Residents in the Washington County village of Salem last week did something rare in New York.
They voted themselves out of existence.
Well, they didn't really vote themselves out of existence, but rather an unnecessary and redundant layer of government out of existence.
As a result of the village dissolving and incorporating into the town of Salem, village taxpayers can expect to pay 49 percent less in taxes, while town residents will pay about 18 percent. That works out to $547 a year on a home assessed at $100,000 for village residents and $93 for town residents.
The reason they'll be able to save all this money is because they'll be able to eliminate some costly services and share others under one government instead of two.
New York has about 1,600 local governments, including counties, cities, towns and villages. It has another 695 school districts. That's a lot of government. Play a game sometime and try to name all 62 of New York's counties. Now figure that local governments and school districts make up 20 times that number.
Yet rarely do dissolution votes succeed. Only two month earlier, Salem's neighboring village of Greenwich voted against dissolving and joining the surrounding town.
Part of the reason that voters are reluctant to dissolve their local governments is that they want to retain control. Another reason is that often, there is little actual cost savings gained through dissolution alone. That's because of how complicated municipal government can be when it comes to state aid, municipal services, equipment purchases, zoning laws and infrastructure. Dissolution often results in the creation of new taxing districts to pay for services only the village has, such as lighting, reducing the potential cost savings.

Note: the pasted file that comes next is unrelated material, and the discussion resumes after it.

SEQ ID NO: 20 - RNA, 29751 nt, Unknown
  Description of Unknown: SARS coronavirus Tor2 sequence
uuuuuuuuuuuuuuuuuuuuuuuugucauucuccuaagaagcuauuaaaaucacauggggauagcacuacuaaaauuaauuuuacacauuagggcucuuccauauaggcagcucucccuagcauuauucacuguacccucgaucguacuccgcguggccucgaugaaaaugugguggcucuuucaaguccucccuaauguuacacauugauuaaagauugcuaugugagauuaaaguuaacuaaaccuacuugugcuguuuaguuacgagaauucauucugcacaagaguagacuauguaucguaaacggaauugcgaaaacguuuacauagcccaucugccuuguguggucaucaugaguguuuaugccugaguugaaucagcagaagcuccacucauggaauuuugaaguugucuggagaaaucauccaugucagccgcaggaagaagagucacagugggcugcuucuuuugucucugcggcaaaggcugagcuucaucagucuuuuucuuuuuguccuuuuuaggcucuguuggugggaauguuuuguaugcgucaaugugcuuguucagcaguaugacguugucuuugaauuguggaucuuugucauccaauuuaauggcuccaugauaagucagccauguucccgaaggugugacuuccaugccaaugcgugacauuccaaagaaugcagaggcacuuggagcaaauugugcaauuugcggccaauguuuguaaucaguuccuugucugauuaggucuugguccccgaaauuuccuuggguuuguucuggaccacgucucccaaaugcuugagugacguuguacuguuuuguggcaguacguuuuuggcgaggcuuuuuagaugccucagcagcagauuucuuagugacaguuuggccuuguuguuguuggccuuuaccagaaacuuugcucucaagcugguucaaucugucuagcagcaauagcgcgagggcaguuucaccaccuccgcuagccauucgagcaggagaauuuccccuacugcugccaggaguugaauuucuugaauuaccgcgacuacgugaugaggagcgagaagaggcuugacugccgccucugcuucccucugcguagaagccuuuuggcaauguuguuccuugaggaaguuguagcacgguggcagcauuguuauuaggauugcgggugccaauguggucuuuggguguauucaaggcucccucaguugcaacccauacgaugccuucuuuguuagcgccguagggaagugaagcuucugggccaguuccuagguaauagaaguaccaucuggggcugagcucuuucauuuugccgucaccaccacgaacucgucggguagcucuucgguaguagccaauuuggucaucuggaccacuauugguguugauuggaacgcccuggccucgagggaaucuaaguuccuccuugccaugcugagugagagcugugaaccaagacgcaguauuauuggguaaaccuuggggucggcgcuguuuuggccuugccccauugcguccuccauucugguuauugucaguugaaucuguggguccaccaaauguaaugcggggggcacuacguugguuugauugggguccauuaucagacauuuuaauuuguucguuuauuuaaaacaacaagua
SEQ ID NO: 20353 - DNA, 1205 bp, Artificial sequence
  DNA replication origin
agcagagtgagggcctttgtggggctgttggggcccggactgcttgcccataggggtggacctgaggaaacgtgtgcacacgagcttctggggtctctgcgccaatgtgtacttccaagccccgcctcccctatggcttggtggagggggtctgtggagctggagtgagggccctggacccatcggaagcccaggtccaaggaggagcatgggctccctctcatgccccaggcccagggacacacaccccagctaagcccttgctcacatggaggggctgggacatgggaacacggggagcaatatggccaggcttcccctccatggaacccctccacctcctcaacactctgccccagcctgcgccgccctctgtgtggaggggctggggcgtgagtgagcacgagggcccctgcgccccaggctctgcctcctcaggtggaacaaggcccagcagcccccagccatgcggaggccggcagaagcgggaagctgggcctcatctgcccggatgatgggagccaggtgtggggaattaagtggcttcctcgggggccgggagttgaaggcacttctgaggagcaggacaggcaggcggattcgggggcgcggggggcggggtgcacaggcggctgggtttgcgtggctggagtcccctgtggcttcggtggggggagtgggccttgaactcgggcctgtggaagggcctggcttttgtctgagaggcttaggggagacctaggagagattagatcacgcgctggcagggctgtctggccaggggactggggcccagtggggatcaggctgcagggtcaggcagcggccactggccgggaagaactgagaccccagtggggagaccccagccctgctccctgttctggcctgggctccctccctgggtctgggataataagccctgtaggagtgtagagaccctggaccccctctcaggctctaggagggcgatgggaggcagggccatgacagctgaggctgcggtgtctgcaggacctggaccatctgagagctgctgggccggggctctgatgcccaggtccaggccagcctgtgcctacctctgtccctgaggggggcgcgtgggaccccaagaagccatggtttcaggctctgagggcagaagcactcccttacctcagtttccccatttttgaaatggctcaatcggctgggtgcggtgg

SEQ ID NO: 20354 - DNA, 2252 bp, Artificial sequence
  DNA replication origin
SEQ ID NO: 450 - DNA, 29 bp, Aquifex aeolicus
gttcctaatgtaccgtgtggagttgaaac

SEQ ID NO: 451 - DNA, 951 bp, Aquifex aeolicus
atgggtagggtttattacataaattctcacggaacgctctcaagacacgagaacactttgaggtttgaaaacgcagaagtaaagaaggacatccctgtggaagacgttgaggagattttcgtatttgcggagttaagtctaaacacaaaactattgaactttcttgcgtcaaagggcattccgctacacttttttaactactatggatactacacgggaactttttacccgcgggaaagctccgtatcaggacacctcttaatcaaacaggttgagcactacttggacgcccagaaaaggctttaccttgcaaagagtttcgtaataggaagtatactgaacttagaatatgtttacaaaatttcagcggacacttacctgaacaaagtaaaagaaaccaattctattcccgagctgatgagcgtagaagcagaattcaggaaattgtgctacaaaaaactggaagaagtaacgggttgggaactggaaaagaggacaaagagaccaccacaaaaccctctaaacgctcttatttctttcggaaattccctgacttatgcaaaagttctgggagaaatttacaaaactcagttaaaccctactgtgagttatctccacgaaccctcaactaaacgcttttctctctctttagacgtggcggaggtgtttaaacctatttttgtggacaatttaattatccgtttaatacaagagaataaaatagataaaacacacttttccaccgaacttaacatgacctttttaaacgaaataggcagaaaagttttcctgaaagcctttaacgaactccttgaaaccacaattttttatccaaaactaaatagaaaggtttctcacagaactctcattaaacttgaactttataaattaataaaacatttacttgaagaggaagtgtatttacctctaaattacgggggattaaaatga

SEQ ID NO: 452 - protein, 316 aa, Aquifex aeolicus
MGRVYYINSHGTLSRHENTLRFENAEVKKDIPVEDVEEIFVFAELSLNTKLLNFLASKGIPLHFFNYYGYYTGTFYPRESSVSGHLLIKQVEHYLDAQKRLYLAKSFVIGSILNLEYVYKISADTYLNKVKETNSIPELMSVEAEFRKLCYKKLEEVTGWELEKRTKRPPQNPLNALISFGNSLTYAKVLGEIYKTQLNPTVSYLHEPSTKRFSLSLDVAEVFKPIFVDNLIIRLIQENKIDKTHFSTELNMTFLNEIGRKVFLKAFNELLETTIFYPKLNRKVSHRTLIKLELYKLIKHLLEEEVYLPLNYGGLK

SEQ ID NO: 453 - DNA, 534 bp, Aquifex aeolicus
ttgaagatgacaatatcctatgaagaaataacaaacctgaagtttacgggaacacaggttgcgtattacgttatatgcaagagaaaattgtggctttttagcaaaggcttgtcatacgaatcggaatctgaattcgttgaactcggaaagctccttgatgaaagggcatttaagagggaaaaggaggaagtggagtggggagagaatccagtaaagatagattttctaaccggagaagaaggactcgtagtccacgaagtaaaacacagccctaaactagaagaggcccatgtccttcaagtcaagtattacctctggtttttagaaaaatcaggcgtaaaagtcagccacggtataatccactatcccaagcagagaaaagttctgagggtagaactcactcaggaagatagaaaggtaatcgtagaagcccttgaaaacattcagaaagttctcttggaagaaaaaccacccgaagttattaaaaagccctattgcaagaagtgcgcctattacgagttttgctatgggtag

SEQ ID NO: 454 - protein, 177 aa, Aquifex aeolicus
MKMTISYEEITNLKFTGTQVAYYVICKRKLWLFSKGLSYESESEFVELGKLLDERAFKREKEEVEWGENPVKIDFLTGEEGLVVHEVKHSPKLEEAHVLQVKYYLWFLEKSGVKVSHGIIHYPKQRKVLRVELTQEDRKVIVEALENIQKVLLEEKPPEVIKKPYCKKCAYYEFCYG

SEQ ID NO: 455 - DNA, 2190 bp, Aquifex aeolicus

While eliminating some governments can indeed save money, real savings comes from making governments more efficient by working together.
One such example occurred last month, when the communities of Gloversville and Johnstown agreed to an inter-municipal resolution that would to establish a joint Special Weapons and Tactics (SWAT) team. While the two communities have been cooperating for years, formalizing the process through a joint agreement could make the two organizations more efficient and lead to joint grants and funding that will save taxpayers real money.
Earlier this spring, Schenectady County opened a unified emergency dispatch center that will not only make dispatching of fire and police more efficient, but also save an estimated $673,000 each year for the communities of Schenectady, Glenville, Niskayuna and Rotterdam.
The village of Scotia and the town of Glenville earlier this year considered merging their courts, until Scotia officials nixed the idea, saying it wouldn't generate the savings they thought it might.
It's a legitimate concern, although any kind of merger/consolidation is going to have short-term, up-front inefficiencies and costs that will be reduced in the long run, such as the future elimination of redundant positions.
Communities have to be careful not to shoot down a consolidation idea just because it won't produce immediate gratification.
If the village of Salem vote showed anything, it's that people are willing to give up an inefficient system in order to try a more efficient one that could save them money in the long run.
Whether that means dissolving a government or just coming together on existing services, local government should be actively and creatively pursuing new opportunities.